“I would never want to see our population grow so much that we lost the sense of personal connection, opportunity for students, small class sizes, all those things that make Westminster [College] particularly compelling […],” said President Beth Dobkin in a December interview. “[…] We’re not looking for uncontrolled growth, we want to stay Westminster.”
In total, Westminster has 1,535 students enrolled for the 2021–22 academic school year, according to the admissions page.
First-year student enrollment decreased by 7.9% in Fall 2020 for private, non-profit four-year colleges across the country, according to the data from the National Student Clearinghouse Research Center. In Fall 2021, first-year student enrollment increased by 2.5%, according to the data from the research center.
While attracting new students is a high priority, that’s not the only factor influencing the enrollment numbers, according to Dobkin.
“Enrollment from last year to this year has been pretty stable for new students and the retention is higher […],” Dobkin said. “[…] If you compare to several years ago, we’ve had a couple of programs close and some decline in enrollment but [COVID-19] the last year has had some real pauses […].”
Dobkin said Westminster is seeing more inquiries and applications for the 2022-23 academic year than they have seen in the past.
Admissions Response to Enrollment Numbers
Westminster admissions said in January they are working to drive enrollment up by:
- Focusing on the campus visit experience for students considering attending Westminster
- Providing opportunities for prospective students to visit classes to get a feel for the college environment
- Improving the experience of transfer students, from the application process to orientation and enrollment
- Continuing evaluation of financial aid programs and resources to meet students’ needs
- Increasing marketing of graduate programs, both locally and regionally
Mekenzie Deneault, a Westminster communication alum and previous senior admissions student caller, said she had to adjust the way the call center handled student outreach for prospective students.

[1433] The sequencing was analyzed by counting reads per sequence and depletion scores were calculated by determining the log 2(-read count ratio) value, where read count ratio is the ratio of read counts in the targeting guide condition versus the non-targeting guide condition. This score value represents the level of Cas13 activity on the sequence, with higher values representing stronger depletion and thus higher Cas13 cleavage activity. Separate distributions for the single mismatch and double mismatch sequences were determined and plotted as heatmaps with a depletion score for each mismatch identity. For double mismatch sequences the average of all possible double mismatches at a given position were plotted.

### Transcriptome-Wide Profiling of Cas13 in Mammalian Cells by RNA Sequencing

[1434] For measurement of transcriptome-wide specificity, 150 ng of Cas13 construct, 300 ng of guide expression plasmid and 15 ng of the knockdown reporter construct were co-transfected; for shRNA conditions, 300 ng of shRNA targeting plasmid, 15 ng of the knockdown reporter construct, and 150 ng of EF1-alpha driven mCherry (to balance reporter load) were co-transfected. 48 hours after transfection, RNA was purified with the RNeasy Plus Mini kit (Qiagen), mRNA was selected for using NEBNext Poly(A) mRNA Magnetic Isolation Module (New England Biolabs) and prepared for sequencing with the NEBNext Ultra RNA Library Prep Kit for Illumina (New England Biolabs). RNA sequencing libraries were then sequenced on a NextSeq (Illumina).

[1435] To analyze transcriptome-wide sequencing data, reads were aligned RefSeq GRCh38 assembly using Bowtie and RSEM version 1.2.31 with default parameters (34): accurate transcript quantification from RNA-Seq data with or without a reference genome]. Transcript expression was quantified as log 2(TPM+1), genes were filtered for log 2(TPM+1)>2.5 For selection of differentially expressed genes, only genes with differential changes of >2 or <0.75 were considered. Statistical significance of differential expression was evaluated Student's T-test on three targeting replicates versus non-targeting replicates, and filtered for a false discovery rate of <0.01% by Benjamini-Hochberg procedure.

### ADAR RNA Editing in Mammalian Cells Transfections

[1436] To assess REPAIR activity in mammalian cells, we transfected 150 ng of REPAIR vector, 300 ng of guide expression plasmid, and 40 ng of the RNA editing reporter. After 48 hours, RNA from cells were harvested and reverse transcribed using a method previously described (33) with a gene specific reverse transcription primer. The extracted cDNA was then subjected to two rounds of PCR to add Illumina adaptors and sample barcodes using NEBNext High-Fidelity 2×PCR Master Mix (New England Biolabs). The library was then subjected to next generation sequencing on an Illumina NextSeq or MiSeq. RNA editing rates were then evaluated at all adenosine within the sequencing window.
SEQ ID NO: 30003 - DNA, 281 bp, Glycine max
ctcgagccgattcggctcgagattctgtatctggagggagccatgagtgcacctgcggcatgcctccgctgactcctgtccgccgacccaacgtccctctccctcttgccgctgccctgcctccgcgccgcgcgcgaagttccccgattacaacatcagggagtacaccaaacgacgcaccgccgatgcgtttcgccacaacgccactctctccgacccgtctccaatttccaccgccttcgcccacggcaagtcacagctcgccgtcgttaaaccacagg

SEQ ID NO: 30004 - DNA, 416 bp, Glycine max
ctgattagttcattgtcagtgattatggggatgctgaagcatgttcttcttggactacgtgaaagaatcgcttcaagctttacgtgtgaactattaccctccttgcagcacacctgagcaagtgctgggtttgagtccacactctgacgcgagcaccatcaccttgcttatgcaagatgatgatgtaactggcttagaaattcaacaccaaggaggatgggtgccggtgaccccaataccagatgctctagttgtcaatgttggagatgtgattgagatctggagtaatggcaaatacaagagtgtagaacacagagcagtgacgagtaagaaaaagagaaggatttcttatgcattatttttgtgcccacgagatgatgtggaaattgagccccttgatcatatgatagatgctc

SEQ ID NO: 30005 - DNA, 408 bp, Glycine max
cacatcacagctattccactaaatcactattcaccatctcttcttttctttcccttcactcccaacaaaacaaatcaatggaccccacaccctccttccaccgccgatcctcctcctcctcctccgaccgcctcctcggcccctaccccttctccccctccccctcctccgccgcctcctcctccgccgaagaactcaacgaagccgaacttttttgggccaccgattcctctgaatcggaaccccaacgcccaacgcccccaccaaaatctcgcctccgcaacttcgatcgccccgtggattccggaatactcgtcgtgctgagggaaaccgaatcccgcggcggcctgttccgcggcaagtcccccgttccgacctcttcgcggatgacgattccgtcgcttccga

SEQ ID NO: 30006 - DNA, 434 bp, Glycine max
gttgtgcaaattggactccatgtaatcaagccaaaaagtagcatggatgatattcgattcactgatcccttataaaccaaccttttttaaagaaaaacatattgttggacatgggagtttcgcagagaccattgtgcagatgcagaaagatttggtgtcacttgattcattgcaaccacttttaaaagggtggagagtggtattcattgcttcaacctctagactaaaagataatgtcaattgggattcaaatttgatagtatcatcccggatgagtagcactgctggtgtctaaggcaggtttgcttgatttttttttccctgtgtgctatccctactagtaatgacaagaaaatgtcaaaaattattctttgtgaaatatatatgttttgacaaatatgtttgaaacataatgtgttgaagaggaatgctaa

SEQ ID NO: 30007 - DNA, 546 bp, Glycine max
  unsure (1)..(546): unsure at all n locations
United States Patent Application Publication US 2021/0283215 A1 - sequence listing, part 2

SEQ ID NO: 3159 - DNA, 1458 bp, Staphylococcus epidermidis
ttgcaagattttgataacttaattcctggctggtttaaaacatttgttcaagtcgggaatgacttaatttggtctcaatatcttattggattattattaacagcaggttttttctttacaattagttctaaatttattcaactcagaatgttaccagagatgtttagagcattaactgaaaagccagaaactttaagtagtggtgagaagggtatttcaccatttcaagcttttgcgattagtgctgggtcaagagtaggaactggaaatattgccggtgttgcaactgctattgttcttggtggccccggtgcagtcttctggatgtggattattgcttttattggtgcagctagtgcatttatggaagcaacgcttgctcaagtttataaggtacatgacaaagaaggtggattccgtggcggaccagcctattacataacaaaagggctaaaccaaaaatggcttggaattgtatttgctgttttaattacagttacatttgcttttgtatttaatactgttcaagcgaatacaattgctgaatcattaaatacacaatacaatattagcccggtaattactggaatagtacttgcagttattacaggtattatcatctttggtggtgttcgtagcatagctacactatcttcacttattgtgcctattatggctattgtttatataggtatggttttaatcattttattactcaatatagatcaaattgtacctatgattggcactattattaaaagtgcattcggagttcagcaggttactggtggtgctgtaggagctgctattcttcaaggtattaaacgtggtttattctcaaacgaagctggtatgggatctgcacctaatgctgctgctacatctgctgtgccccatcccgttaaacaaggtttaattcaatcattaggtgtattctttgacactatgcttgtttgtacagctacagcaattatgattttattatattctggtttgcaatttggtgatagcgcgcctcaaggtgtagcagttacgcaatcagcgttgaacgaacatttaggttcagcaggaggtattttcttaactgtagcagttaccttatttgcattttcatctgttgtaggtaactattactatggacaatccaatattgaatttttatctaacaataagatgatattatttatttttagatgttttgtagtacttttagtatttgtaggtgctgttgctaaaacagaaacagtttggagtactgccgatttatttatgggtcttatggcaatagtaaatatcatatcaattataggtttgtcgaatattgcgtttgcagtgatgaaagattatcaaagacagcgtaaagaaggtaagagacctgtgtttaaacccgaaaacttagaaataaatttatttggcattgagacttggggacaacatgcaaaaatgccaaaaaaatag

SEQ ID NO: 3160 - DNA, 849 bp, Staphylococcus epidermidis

“Almost monthly I would put together a meeting for the call center about how to stay motivated and how to motivate the students we are reaching out to, to apply,” Deneault said in a text message.
Deneault said she heard concern from parents about how lower enrollment would have a direct impact on their student’s education.
“As far as talking to the prospective students over the phone, we would talk about the individualized learning you get with smaller class sizes, our clubs and sports offered at Westminster as well as the different options for majoring and minoring,” Deneault said.
Denault said she managed other student callers and invited prospective students to events on campus. Denault said she also helped prospective students with the process of applying to Westminster and the Honors College.
Student Response to Enrollment Numbers
Morgan Withers, an admissions tour guide and sophomore biology major, said, “I think COVID obviously affected student enrollment across all college campuses.”
Despite the impacts of COVID-19, Withers said she and her fellow tour guide give the normal amount of tours.
“It is hard right now with just two tour guides, but as I understand we are adding to the college ambassadors program with more tour guides in training soon,” Withers said.
Prospective students from outside Utah make up the majority of tours, according to Withers.
“Lately I have been touring a large number of East Coast families,” Withers said. “The prospective students seem very happy when they tour campus — I would say we give more tours to out-of-state students, rather than in-state.”
Claire Mischel, ASW chief justice and junior biology major, said she was a former admissions tour guide fellow. Despite Westminster’s small size, Mischel said this feature doesn’t mean the student body misses out.
“[…] We’re unique in our size and it may seem like we’re small,” Mischel said. “But we’re small and engaged which is better than large and unengaged.”